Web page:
56. 56. Global training Training is very important. ■SF Agile Development Center training 【The number of participants】6 employees 【Training period 】25 Sep 2011 – 15 Dec 2011 SF Agile Development Center DU members
  57. 57. Work and Life in San Francisco SFADC office Member’s desk Project Meeting Famous steep hills are all around the city Bayside view from Fisherman's Wharf Internal meeting in the house The local specialty Clam Chowder Robotics and AI meetup at San Francisco Univ. 57 Joined Linkshare’s Soccer Team
  58. 58. DU’ve promoted Globalization : GEP/OSC/ Englishnization 2012 result As part of it, DAD’ve helped GEP, OSC and EP program. GEP: 8 trainings, 28 trainees. OSC: 140 conferences, 468 members countries. ,17 Last year, DU sent many people to overseas.
  59. 59. Technical Trainings Training One  day  hands-‐‑‒on https://www.facebook.com/RakutenTec
  60. 60. Technical Trainings Leaderʼ’s  Workshop Mary  Poppendieck   come  to  Japan  in  April.  She   developed  “Lean  Software   Development”  which  like   TOYOTA  Production   System(TPS). And  she  is  known  famous   leader,  consultant  about   software  development  in  USA.  
  61. 61. Technical Trainings Software  Test Janet  Gregory is  the  founder  of  DragonFire,  Inc.,  an   agile  quality  process  consultancy  and   training  firm.  Her  passion  is  helping   teams  build  quality  systems.  Since   1998,  she  has  worked  as  a  coach  and   tester  introducing  agile  practices  into   both  large  and  small  companies.  
  62. 62. Community •  Collaboration tools (Wiki, bug tracking system) •  Techtalks •  Technology Conference 62
  63. 63. Challenge of a Global Knowledge-Creating Organization Knowledge needs to move from “Tacit to Explicit” and “Explicit to Tacit” (Nonaka, Takeuchi) This is especially hard for Global Companies! Tacit/暗黙知 Explicit/形式知 Combination 連結化 Explicit Tacit Internalization 内面化 Externalization 表出化 Explicit Tacit Socialization 共同化 Tacit Explicit Ø 共同化(Socialization) This process focuses tacit to tacit. Ø 表出化(Externalization) This process focuses tacit to explicit. knowledge. Ø 連結化(Combination) Knowledge transforms from explicit to explicit. Ø 内面化(Internalization) Tacit knowledge is created using explicit knowledge and shared across the organization.
  64. 64. Enterprise SNS •  Tacit (implicit) Knowledge •  Super Sale live on Enterprise SNS 64
  65. 65. Tech Talk ? •  Informal technical talks by experts, running by volunteer staffs 65
  66. 66. Topics •  Tips about internal tools – Wiki, Network Tools, JIRA, Confluence, git, … •  New technologies – Mobile Applications, PaaS, agile software development, HTML5, 66
  67. 67. Many Tech Topics Agile CI Big Data JIRA Change Cloud
  68. 68. Rakuten Technology Conference •  Annual conference since 2007 by Rakuten •  All sessions were in English (2012) •  industries’ experts and employees sessions 68
  69. 69. Experts Sessions
  70. 70. Rakuten’s sessions & LT
  71. 71. Omotenashi Beautiful Cosplayer
  72. 72. http://tech.rakuten.co.jp/rtc2012 http://www.manaslink.com/rtc2012
  73. 73. 2013 web site http://tech.rakuten.co.jp 73
  74. 74. October 2013 Oct th 26 74
  75. 75. keynote speakers Matz 75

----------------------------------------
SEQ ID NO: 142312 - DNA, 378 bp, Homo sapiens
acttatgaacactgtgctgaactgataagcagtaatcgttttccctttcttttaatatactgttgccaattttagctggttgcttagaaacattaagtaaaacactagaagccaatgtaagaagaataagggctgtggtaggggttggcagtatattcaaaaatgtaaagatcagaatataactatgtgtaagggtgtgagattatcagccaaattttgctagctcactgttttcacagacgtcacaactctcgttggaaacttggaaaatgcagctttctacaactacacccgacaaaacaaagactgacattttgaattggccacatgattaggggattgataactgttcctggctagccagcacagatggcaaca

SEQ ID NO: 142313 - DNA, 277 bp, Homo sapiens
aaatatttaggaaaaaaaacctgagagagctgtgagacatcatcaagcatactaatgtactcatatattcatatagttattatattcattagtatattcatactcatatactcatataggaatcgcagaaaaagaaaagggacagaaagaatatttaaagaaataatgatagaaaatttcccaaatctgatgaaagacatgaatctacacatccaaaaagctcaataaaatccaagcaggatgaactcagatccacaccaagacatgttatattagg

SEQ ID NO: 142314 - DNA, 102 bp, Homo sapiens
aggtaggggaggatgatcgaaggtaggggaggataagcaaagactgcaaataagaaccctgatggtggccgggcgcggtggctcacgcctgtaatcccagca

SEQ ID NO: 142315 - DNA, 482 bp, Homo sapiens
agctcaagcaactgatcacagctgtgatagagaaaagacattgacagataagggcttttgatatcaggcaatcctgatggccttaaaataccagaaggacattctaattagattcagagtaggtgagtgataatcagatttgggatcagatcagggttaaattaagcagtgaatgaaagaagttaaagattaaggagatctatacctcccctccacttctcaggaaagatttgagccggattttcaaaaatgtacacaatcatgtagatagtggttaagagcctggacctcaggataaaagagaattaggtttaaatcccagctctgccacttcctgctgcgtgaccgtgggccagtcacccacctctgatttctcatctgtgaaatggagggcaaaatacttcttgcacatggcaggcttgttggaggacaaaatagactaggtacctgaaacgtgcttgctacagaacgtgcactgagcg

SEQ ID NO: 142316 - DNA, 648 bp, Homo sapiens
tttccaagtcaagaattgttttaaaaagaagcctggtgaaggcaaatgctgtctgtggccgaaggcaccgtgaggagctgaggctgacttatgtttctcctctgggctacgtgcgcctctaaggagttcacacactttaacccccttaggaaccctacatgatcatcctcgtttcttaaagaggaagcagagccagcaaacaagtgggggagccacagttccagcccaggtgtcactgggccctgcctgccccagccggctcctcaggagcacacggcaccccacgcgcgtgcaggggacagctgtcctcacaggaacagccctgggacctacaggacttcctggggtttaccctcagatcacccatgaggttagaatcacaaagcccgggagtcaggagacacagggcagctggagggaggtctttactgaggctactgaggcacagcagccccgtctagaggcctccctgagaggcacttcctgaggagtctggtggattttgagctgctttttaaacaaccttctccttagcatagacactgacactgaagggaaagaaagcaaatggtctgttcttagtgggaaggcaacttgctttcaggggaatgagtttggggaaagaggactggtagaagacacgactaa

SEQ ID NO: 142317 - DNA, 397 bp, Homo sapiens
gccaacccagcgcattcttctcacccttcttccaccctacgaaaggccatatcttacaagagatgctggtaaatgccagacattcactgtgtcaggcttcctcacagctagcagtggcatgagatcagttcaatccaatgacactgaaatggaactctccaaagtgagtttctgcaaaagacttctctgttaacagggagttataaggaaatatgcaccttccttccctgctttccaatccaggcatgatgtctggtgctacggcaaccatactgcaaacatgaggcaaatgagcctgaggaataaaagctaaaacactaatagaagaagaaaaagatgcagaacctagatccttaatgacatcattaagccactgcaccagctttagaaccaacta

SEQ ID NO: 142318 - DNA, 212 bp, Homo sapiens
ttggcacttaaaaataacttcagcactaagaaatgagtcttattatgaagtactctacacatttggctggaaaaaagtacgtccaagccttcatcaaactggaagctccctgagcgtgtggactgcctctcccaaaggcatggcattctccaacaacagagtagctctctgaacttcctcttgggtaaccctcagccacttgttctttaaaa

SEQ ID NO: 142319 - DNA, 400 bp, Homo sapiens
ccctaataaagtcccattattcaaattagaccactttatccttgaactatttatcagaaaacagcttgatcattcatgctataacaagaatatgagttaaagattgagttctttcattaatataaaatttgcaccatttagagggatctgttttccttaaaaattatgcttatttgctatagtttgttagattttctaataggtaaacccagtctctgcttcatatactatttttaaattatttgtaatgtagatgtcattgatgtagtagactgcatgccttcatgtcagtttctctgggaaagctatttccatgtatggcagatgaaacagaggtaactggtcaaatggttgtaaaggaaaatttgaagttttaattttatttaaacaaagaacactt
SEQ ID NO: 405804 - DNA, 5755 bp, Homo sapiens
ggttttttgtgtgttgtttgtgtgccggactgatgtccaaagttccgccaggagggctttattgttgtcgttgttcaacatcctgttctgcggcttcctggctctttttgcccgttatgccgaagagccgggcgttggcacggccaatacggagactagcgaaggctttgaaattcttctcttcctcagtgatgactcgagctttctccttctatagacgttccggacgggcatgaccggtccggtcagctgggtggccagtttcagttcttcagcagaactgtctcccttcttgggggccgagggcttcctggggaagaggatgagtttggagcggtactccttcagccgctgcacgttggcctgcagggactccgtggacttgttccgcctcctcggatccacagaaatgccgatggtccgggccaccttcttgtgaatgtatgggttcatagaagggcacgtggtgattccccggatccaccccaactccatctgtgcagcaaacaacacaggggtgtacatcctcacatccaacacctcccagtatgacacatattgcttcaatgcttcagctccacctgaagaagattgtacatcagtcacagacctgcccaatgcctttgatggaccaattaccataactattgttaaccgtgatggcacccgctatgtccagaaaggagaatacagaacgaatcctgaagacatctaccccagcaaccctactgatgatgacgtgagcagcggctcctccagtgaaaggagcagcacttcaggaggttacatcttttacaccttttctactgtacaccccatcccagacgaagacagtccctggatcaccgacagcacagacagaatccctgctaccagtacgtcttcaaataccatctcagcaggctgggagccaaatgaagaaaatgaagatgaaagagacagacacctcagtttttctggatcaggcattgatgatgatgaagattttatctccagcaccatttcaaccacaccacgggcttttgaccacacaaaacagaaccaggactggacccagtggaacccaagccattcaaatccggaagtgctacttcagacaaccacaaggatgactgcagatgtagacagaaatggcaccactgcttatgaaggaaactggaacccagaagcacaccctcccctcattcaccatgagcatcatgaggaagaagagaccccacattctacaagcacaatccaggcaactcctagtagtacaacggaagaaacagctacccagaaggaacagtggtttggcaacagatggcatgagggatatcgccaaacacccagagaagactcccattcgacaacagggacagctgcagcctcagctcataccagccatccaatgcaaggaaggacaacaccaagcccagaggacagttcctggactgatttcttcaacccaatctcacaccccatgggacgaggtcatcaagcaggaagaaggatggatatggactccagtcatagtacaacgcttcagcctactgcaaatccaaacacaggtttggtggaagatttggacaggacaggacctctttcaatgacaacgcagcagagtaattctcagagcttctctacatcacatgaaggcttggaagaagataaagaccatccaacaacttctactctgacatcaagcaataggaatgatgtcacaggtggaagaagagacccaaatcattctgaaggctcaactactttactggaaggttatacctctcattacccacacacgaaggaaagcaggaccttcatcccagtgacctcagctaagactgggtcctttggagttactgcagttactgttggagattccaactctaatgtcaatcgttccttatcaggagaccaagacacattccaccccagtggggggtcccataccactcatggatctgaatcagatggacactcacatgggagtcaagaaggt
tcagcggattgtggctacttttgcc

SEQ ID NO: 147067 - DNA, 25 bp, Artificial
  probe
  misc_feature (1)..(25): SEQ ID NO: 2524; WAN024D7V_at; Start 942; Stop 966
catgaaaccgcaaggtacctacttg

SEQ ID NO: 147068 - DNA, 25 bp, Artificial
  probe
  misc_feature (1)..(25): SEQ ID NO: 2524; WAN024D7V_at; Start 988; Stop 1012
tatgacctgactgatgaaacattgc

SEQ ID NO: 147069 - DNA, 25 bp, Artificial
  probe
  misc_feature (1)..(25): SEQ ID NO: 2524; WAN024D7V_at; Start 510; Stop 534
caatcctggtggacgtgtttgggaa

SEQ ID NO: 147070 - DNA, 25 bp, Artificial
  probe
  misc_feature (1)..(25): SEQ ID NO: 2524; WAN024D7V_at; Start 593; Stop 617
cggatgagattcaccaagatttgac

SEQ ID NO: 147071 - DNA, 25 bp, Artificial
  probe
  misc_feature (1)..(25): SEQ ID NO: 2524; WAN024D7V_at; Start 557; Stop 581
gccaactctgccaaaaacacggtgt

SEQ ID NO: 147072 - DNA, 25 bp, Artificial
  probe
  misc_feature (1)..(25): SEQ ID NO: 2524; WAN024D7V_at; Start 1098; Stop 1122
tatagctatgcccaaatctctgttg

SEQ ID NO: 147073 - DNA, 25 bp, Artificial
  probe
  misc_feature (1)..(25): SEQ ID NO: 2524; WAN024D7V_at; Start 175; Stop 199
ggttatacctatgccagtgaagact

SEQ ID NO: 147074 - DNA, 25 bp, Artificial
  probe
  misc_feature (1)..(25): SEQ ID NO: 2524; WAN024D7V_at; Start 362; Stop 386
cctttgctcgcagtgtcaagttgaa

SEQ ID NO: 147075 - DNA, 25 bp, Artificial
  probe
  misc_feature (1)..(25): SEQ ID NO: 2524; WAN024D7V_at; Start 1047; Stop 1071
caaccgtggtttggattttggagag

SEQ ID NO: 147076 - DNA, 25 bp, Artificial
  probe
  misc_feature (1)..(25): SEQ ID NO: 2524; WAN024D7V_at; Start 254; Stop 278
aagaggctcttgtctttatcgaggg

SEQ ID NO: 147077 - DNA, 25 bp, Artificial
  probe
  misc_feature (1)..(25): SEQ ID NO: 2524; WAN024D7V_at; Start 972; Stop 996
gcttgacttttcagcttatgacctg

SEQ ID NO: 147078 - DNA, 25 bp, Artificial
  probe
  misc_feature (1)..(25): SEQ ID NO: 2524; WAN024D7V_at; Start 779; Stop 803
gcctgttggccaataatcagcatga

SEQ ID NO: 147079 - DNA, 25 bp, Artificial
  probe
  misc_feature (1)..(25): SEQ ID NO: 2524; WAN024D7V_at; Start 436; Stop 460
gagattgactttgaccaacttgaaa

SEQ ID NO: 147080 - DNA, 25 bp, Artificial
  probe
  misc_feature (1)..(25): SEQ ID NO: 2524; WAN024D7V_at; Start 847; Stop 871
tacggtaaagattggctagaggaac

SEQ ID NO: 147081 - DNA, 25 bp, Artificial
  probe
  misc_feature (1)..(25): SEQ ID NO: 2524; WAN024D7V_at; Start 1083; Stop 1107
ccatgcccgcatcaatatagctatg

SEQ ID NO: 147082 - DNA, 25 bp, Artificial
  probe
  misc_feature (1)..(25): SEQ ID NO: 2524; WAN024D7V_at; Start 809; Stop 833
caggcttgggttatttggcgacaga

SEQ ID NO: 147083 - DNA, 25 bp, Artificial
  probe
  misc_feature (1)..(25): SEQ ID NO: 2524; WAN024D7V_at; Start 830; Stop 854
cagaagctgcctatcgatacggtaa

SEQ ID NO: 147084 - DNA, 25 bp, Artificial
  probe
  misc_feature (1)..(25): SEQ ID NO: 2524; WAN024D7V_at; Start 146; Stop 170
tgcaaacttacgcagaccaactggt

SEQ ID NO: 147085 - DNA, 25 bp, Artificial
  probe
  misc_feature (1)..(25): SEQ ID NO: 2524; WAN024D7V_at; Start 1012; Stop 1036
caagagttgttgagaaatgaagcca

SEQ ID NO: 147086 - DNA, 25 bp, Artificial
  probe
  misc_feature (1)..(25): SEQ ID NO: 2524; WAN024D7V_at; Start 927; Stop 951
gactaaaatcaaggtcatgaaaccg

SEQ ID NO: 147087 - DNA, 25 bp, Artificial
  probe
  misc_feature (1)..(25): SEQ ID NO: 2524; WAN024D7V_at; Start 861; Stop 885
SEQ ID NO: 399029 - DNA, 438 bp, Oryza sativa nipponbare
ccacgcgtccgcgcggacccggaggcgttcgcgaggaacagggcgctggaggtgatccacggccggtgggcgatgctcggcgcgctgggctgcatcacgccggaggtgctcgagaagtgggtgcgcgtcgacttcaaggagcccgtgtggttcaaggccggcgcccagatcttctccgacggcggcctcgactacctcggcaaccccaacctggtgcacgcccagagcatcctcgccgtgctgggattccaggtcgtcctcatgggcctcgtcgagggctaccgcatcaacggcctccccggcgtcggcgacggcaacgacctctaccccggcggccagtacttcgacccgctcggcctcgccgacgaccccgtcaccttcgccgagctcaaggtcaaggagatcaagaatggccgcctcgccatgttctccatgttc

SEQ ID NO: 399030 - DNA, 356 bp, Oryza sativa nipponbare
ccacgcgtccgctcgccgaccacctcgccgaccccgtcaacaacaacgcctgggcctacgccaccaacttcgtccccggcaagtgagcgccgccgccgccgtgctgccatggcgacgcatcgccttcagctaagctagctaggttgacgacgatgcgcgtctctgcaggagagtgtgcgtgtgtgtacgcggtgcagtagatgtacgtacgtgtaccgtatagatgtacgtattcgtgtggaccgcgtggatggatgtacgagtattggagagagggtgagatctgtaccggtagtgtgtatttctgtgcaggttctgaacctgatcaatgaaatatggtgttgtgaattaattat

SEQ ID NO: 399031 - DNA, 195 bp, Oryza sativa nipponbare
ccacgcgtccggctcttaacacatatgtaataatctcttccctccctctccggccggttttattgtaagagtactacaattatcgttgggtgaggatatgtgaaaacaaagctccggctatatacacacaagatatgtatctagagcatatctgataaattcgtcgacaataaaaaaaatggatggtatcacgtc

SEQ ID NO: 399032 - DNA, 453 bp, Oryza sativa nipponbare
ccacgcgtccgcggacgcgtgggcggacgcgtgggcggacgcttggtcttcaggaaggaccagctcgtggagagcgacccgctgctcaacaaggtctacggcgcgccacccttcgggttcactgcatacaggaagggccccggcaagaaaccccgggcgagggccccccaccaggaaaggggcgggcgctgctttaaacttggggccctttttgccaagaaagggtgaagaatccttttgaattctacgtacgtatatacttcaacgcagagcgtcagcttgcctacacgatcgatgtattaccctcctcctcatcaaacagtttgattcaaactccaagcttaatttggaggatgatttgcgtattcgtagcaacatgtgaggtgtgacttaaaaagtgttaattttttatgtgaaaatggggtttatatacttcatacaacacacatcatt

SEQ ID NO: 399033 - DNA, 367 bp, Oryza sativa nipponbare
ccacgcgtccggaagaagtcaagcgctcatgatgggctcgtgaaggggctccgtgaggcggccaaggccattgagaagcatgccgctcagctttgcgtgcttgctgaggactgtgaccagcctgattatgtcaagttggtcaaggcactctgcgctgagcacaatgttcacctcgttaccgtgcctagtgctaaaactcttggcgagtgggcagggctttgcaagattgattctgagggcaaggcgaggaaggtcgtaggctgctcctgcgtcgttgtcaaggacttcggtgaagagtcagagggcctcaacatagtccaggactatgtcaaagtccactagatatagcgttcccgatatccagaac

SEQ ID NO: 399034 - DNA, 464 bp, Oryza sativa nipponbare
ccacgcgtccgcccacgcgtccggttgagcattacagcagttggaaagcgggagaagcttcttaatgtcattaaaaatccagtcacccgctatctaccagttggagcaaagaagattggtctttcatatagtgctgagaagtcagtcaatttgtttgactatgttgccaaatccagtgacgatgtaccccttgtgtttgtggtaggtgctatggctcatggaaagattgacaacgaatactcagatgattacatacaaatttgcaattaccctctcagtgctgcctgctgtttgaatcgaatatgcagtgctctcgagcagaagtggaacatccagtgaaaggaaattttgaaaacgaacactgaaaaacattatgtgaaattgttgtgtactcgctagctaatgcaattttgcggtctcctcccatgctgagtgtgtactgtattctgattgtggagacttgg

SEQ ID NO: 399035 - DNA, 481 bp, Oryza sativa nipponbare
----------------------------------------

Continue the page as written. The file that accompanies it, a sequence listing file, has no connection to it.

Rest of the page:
76. 76. keynote speakers 76
  77. 77. •  Internet changes everything. – The World is Flat. – Open Source Software – Bazaar Model – Hacker Mind http://www.rakuten.co.jp/recruit/engineer/hackermind.html 77
  78. 78. Moore’s Law •  Computers are getting cheaper Transistor is double every 18 to 24 months http://en.wikipedia.org/wiki/Moore's_law 78
  79. 79. The Mythical Man-Month Frederick Brooks, JR. Brooks’ Law "adding manpower to a late software project makes it later" http://www.kobobooks.com/ebook/The-Mythical-Man-Month-Essays/ book-5XViaJPL_UeFtLEagIcF9A/page1.html 79
  80. 80. Human Centric •  Engineers make Services and Software. –  Computers are getting cheaper by Moor’s law –  Software Development is governed by Brooks’s law. •  Hackers make the Internet. 80
  81. 81. ENGLISHNIZATION
  82. 82. IT’S ONLY ENGLISH
  83. 83. ZONE DEFINITION RED ZONE: YELLOW ZONE: ORANGE ZONE: GREEN ZONE: Employee Grade More than 200 points away from target Between 100-199 points away from target Between 1 – 99 points away from target Score meets or exceeds target Not Reached (RED) Not Reached (YELLOW) Not Reached (ORANGE) Reached Target (GREEN) AAA -550 551-650 651-749 750- AA -500 501-600 601-699 700- A -450 451-550 551-649 650- BBB -400 401-500 501-599 600- BB -400 401-500 501-599 600- B -400 401-500 501-599 600-
  84. 84. ZONE STATUS As of June 30th, 2012 29% GREEN 87% 42% 45% 48% 49% 51% 53% 54% 56% 58% 60% 63% 66% 72% 80% 9% 11% 14% 36% 16% No Score M 2011 A ORANGE 19% 20% 19% 17% 15% 13% 10% 7% M J J A S O N D Data: Ranten, Inc (Total may not equal 100% due to rounding) YELLOW 6% 6% J F 2012 5% 4% M 2% RED A M 8% 4% 1% J
  85. 85. TOEIC SCORE 697.7 694.7 700 680 TOEIC Average score 687.3 672.3 660 632.6 638.9 645.6 625.3 640 612.7 620 596.3 600 580 651.5 526.2 593.9 589.6 589.3 604.3 586.9 593.7 583.6 560 537.8 558.0 540 522.6 520 526.2 500 2010/10 2010/11 2010/12 2011/1 2011/2 2011/3 2011/4 2011/5 2011/6 2011/7 2011/8 2011/9 2011/10 2011/11 2011/12 2012/1 2012/2 2012/3 2012/4 2012/5 2012/6/22 Oct-2010 June-2012 Data: Rakuten, Inc.
  86. 86. Agenda •  History of IT Industry, Internet and Hackers –  OSS –  Hacker Culture –  Web 2.0 –  Community, Engineer’s career 86
  87. 87. •  The future is already here — it's just not very evenly distributed. by William Gibson 87
  88. 88. •  Be a Hacker •  Change the World Better 88